‘AppleScriptObjC Explored’ Version 5: Errata

EL CAPITAN causes problems with several of the sample projects. In particular, you can no longer rely on displayIfNeeded() to update a window. This means, for example, that the project in Chapter 3 never shows the progress bar incrementing. The solution is to use the technique outlined in Chapter 13, either implementing the doEventFetch() method, or using fordEvent() from Myriad Helpers. Note also that use of current application's NSUInteger in doEventFetch() does not actually work as described in Chapter 13. The only way to produce an integer of the correct value for the enum NSAnyEvent from AppleScript is to use a workaround such as current application's NSDecimalNumber's alloc()'s initWithString:"18446744073709551615". In practice, though, using current application's NSUInteger will usually work fine in this context.

THERE have been changes in the way tables are constructed and treated. Before attempting to build any of the table-based projects, you should read this page.

IN Xcode 6.1, the Cocoa framework is no longer added to new projects automatically. You need to do this manually after you create a project. You do this by clicking on the project at the top of the Project Navigator, clicking on the General tab in the editing area, clicking on the disclosure triangle next to "Linked Frameworks and Libraries", clicking on the + button, clicking on Cocoa.framework, then clicking the Add button.

ON page 22, a period is missing from the third-last paragraph, after the word "elements".

ON page 25, and in the code for the Chapter 3 project, the lines that set the value of the isIdle property have been omitted. The first line after the try statment in the doProcess: handler should be:

set my isIdle to false

At the end of the same handler, the following should be inserted both before the on error errmess line, and after it:

set my isIdle to true

ON page 195, the book says:"You can’t return out values when passed pointers to pointers in methods you are overriding." This is incorrect. The technique for doing so is explained on pages 140-141.

‘AppleScriptObjC Explored’ Version 5: Addenda

The compiler shipping in Xcode is getting pickier these days, so the way you call ASObjC from an Objective-C class might need to change. This process is what works in Xcode 6.1.

The first step is to make sure AppleScriptObjC.framework is added to the project, and loaded in main like this:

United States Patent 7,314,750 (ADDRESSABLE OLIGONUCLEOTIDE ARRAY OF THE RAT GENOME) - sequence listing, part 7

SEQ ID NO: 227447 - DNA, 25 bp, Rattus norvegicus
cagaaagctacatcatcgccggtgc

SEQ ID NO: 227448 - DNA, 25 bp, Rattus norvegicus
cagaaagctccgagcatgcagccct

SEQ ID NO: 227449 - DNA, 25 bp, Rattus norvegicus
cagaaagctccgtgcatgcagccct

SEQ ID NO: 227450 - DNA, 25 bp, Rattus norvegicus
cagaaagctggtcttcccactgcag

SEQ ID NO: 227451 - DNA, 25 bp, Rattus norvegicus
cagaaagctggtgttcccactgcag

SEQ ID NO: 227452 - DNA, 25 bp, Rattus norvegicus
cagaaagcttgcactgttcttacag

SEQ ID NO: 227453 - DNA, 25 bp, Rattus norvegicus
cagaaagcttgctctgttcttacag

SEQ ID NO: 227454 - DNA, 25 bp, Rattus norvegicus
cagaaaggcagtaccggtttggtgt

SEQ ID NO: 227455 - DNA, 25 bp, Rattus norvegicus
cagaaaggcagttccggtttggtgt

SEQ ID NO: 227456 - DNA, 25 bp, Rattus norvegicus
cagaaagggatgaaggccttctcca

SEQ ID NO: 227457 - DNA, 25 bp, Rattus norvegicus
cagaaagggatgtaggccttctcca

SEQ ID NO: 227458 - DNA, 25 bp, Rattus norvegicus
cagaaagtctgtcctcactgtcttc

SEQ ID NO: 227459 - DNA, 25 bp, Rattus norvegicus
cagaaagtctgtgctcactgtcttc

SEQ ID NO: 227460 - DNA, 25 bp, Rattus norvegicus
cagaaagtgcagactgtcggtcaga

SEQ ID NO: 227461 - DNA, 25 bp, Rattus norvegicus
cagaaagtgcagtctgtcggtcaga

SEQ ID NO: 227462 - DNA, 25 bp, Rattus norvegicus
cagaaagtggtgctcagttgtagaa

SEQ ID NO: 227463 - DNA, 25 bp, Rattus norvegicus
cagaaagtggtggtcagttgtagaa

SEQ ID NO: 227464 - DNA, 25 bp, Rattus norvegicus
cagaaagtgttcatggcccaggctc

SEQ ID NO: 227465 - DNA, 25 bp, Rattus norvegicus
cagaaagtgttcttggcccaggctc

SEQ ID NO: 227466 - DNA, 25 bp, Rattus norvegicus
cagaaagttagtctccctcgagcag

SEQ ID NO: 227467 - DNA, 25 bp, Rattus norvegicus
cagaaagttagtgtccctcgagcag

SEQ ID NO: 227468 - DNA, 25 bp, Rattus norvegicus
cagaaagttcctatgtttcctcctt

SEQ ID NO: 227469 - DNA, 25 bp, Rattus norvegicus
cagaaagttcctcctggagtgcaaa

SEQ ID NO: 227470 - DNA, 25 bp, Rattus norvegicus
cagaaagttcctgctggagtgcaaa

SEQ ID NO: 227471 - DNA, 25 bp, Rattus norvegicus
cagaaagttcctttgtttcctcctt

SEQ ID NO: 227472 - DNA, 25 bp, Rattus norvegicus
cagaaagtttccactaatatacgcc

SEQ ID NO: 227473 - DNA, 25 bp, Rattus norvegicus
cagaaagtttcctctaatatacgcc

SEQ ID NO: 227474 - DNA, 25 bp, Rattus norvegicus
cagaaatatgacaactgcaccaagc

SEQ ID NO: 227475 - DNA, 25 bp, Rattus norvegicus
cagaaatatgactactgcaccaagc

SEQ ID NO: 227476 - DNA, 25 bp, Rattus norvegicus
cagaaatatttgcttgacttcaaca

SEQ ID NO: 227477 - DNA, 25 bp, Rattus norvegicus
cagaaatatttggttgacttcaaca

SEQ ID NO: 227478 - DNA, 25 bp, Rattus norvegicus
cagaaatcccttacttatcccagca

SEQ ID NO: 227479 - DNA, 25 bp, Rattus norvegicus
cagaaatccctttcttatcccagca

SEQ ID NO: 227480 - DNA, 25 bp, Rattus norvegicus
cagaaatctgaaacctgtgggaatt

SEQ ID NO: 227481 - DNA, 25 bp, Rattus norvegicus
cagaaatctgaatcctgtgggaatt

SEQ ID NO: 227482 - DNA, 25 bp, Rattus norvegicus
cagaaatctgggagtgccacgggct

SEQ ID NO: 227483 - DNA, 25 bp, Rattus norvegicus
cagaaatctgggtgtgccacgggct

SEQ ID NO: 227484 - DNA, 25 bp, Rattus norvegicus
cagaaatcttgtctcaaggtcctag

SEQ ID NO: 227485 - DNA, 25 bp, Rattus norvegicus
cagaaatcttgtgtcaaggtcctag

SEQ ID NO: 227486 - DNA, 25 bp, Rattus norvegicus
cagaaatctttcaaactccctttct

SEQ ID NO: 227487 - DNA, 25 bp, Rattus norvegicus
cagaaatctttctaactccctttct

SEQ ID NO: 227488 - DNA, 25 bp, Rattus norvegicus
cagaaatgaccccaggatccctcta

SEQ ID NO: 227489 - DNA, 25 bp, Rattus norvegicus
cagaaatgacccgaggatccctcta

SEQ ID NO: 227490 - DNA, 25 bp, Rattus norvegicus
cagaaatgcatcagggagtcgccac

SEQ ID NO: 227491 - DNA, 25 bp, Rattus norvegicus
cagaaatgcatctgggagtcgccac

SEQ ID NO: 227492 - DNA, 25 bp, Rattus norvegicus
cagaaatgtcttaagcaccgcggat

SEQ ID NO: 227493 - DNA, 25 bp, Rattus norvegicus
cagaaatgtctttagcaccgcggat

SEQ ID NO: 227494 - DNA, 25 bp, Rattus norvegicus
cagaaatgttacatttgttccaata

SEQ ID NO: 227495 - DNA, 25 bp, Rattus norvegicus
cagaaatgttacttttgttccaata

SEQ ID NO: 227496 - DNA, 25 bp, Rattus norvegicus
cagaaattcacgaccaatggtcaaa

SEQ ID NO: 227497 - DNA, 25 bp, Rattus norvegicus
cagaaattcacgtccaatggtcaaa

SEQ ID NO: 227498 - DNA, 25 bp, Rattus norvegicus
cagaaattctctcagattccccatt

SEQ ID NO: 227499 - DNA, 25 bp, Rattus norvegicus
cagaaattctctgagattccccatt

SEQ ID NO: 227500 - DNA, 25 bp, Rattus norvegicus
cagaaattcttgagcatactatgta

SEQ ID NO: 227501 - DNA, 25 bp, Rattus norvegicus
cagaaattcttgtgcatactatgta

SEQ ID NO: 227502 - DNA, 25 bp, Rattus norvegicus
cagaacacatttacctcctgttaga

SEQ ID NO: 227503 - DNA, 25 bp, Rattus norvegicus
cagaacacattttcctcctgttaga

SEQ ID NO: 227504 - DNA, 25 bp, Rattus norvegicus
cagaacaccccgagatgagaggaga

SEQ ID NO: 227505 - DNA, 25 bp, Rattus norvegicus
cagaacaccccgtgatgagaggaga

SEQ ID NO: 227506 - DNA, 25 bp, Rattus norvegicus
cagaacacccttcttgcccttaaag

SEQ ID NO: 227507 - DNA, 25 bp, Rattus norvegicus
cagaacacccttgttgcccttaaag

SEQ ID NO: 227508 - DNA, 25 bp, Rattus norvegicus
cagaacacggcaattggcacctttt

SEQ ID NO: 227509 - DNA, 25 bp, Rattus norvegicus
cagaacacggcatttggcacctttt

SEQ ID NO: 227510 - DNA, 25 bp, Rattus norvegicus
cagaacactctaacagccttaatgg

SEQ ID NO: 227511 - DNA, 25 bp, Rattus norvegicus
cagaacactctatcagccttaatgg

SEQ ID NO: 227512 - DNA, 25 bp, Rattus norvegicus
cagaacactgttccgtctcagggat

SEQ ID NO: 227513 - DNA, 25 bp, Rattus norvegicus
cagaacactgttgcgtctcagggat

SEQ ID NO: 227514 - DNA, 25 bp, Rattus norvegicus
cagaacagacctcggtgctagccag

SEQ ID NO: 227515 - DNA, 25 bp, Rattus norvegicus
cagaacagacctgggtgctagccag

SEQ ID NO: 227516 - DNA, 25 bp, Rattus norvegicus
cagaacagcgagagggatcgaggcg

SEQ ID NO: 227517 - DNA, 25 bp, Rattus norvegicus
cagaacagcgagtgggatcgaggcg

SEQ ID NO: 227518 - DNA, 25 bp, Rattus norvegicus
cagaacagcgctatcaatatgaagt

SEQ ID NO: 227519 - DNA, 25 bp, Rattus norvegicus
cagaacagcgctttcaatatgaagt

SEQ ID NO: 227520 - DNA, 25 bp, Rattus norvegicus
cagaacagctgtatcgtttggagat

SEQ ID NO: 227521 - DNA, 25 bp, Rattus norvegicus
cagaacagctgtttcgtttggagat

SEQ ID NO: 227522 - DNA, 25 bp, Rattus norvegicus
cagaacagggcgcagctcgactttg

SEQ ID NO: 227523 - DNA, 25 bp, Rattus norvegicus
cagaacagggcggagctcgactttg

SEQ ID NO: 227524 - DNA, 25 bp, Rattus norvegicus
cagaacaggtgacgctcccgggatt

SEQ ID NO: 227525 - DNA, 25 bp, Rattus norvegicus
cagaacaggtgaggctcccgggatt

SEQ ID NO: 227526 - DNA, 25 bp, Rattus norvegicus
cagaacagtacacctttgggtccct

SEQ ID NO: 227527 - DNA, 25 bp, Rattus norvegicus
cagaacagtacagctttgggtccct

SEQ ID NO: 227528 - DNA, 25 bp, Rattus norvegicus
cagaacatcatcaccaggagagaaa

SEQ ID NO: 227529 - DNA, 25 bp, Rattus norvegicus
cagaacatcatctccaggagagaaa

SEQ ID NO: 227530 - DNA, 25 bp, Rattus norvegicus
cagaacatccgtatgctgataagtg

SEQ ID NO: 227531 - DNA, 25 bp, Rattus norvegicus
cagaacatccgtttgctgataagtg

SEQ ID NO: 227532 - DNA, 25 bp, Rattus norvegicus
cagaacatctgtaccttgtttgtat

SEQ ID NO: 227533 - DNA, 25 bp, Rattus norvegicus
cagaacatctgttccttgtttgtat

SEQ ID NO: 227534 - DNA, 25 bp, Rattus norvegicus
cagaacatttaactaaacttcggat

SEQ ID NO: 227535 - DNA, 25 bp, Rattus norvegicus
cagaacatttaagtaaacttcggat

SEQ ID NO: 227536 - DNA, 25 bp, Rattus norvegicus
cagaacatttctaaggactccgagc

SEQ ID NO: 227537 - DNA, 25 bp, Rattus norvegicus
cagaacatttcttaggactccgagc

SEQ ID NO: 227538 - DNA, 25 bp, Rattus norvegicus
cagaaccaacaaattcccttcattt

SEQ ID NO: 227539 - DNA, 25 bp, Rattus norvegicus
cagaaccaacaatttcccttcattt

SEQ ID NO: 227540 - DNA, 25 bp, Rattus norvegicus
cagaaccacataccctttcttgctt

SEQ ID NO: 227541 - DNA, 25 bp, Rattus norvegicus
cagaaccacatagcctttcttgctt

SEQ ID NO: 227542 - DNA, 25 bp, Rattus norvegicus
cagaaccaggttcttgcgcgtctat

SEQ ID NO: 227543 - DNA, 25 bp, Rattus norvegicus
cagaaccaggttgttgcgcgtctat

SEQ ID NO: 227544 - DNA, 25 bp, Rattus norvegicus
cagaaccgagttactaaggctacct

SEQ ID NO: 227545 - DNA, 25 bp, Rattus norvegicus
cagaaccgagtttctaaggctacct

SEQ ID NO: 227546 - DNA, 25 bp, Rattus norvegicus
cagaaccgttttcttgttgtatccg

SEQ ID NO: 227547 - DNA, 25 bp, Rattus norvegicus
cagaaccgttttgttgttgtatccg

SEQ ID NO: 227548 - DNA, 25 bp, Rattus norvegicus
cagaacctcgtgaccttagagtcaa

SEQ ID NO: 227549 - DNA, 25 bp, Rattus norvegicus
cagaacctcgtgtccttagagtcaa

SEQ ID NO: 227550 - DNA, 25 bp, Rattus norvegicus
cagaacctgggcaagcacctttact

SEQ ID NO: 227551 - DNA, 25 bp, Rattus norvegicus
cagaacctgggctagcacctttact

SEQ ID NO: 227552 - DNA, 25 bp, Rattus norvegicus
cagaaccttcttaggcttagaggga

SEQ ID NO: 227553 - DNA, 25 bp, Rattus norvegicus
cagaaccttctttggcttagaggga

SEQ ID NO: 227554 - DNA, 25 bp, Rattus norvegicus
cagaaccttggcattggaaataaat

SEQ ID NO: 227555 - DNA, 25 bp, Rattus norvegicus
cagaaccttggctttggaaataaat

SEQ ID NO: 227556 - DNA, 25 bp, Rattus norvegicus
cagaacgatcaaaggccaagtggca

#import <Cocoa/Cocoa.h>
#import <AppleScriptObjC/AppleScriptObjC.h>

int main(int argc, const char * argv[]) {
 [[NSBundle mainBundle] loadAppleScriptObjectiveCScripts];
 return NSApplicationMain(argc, argv);

Your ASObjC code needs to reside in an AppleScript class file, and unfortunately Xcode has no template for such a file. So you need to choose File -> New -> Other -> Empty, and name it <YourASClassName>.applescript. Let's assume you call it ASClass.applescript.

The class file should contain a single script object with its parent set to NSObject, and handlers should belong to this script object. Here is a sample:

script ASClass
property parent : class "NSObject"

 on doSomethingTo:someString andTo:anotherString
  -- coerce parameters from Cocoa to AppleScript
  set someString to someString as text
  set anotherString to anotherString as text
  set newString to someString & space & anotherString
  display dialog newString buttons {"OK"}
  return newString
 end doSomethingTo:andTo:

end script

The handlers must follow normal Cocoa rules for method names. (But they can call other handlers within the class that do not.)

In the class that will be calling the AppleScriptObjC, you need to declare the class and its methods after any import statements, like this:

#import "AppDelegate.h"

@class ASClass; // declare class

@interface ASClass:NSObject
 // declare methods here
 -(NSString *)doSomethingTo:(NSString*)string andTo:(NSString *)another;

You can declare and call your handlers as class or instance methods (or both). In practice, I've had some issues calling them as class methods in apps that call the same handler thousands of times, so I prefer instance methods. And you need to use instance methods if any AppleScript properties are used.

The results and parameters must not be primitives -- you get crashes if you try to pass an int or a BOOL. If you want stuff usable by AppleScript, you need to stick to NSNumbers and NSStrings, and NSArrays and NSDictionaries consisting of the same. Parameters still need coercing in the receiving handler.